I was recently doing some client work where I used both
<mask>s in SVG to hide and show content for animation. When I started this project, I thought I knew all of the reasons to use one over the other. But, as tends to happen, working closely with something reveals idiosyncrasies. In this post, we’ll go over some of these details so that you can get productive as soon as possible.
What is clipping and masking and why should we care about it?
Both clipping and masking obscure areas where elements in an SVG or HTML element can be visually applied. You use a bit of SVG designated as a
<mask> by wrapping the element and applying an id, like so:
See the Pen d2a9315e310901a3d43ba3bdf8413c65 by Sarah Drasner (@sdras) on CodePen.
Though no demo of these techniques will rival Yoksel‘s version, which is comprehensive not just to SVG but to CSS versions of clipping and masking as well:
See the Pen CSS and SVG Masks by yoksel (@yoksel) on CodePen.
These techniques are so useful because we can show and hide bits of content, which we can use for unique layouts, realism in animation, and performant alternatives to height transitions.
<clipPath> in SVG (or
clip-path in CSS) as a way to cut a shape out of another shape. There’s no concept of opacity, or alpha channel, to gray area here. Parts of the element with a clipping path applied are literally visible or not visible. Clipping just uses the geometry of the shape. Because of this, certain visual elements won’t be applied. This includes, but is not limited to: stroke and stroke styles, gradients, and fill colors.
You can still, however, animate these visual elements, change their attributes, and apply transforms to them, these will still be honored. Remember that when you animate them you need to target the elements inside the
<clipPath>. Another thing to keep in mind is that the pieces that are clipped away won’t accept pointer events, so events can only be captured on the parts that you can visually see.
Check out the Wall-e demo below. Do you see how the arms are being obscured as they reach out and then tuck back into the body? In order to realistically hide and show that arm, we will need to obscure it as it moves. In this case, we made a
clipPath out of the elbow curve and clipped pieces of the arm as it extended.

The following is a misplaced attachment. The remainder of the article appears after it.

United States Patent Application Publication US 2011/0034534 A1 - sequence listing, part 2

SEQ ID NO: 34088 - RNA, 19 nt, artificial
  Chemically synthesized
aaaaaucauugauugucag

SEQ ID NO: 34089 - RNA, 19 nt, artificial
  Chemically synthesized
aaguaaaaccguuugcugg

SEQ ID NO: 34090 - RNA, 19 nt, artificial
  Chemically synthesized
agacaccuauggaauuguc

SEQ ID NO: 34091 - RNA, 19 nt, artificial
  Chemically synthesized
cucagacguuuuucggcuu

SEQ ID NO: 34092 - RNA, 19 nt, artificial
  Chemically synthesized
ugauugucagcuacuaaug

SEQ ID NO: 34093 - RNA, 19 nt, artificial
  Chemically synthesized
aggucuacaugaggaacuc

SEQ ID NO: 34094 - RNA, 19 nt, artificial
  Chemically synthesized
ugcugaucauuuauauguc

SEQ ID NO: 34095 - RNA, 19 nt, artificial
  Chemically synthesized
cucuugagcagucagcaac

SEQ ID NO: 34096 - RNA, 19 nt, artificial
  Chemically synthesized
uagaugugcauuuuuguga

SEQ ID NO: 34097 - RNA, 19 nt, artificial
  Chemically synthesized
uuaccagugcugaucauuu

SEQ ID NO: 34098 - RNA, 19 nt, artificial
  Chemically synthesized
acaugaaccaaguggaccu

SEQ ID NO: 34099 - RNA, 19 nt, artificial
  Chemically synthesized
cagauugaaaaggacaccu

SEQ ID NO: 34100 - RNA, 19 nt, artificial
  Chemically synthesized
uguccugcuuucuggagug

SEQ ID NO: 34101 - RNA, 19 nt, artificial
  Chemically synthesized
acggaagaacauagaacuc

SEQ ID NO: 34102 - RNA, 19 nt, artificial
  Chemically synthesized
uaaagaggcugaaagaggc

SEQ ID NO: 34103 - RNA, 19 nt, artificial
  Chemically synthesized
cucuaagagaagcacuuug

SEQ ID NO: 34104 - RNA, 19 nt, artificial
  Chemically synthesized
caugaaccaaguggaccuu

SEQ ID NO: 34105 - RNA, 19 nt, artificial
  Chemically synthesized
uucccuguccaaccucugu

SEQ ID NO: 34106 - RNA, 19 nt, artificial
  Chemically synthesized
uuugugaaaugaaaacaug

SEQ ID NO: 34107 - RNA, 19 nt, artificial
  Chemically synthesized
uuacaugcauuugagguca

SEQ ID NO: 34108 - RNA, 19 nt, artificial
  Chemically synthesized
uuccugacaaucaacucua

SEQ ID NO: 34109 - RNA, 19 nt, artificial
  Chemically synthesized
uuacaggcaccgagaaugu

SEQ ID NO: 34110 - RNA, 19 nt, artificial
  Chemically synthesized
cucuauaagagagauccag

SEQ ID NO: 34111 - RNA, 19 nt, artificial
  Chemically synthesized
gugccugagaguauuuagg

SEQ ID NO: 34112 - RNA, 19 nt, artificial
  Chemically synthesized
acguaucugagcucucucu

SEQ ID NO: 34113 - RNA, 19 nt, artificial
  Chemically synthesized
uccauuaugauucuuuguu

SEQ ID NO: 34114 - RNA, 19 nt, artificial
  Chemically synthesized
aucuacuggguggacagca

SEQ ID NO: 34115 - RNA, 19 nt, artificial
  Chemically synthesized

See the Pen Vue-controlled Wall-E by Sarah Drasner (@sdras) on CodePen.
It doesn’t end there, of course, we can apply this technique to more sophisticated effects, such as this amazing x-ray machine from Noel Delgado:
See the Pen X-ray me (SVG Experiment) by Noel Delgado (@noeldelgado) on CodePen.
Think about masking as a way to apply complex, detailed, and shapes with varying opacity over another element. This can lead to really beautiful visual effects and performant alternatives to other techniques. For instance, animating gradients can be really CPU-intensive. But in the graphic below, we’re animating the mask instead of the gradient to the same visual effect, and it’s a lot less heavy.
See the Pen Animating transparent mask by Sarah Drasner (@sdras) on CodePen.
Because SVG supports text and each piece is editable, we can also create interesting effects to show and hide pieces of data that are changing. Check out this demo from Craig Roblewsky:
See the Pen Quick Tip: Invert SVG text fill color with masks by Craig Roblewsky (@PointC) on CodePen.
Unlike clipping, masking does respect stroke and stroke effects, but keep in mind that in a mask, it will treat white as an area that will be shown and black as an area to be masked, with the greyscale exposing each along that scale.
This means, though, that you can use gifs with white and transparency to create masks that expose really cool effects:
See the Pen Gif masking in SVG by Sarah Drasner (@sdras) on CodePen.
I learned everything I needed to learn to make the above demo from Yoksel, who has a vast collection of pens with this technique, here’s one I particularly like with a bird and a gradient, and a subtle texture in the background.
See the Pen Rainbow bird by yoksel (@yoksel) on CodePen.
I love this topic. I can definitely see the confusion between “clipping” and “masking” – they feel like they are just synonyms! But as you clearly showed, they work differently and are coded differently.
Just in case another variation of an explanation helps, this is how I tackled it in Practical SVG:
Clipping might be slightly easier to understand, particularly if you’re comfortable with vector shapes. Just play with Clippy for a second and you’ll get a feel for clipping paths.
And here’s an image with a crack at explaining masking, and how it is based on an image:
Thanks for the interesting article. I gotta bite the bullet and do more CSS and JS, I am pretty weak on both and have mostly just been copying what I needed. Recently started doing a Flask site with Bootstrap so I am having to learn “modern” fancy CSS and JS.
I look forward to working with these techniques in the near future for my own site.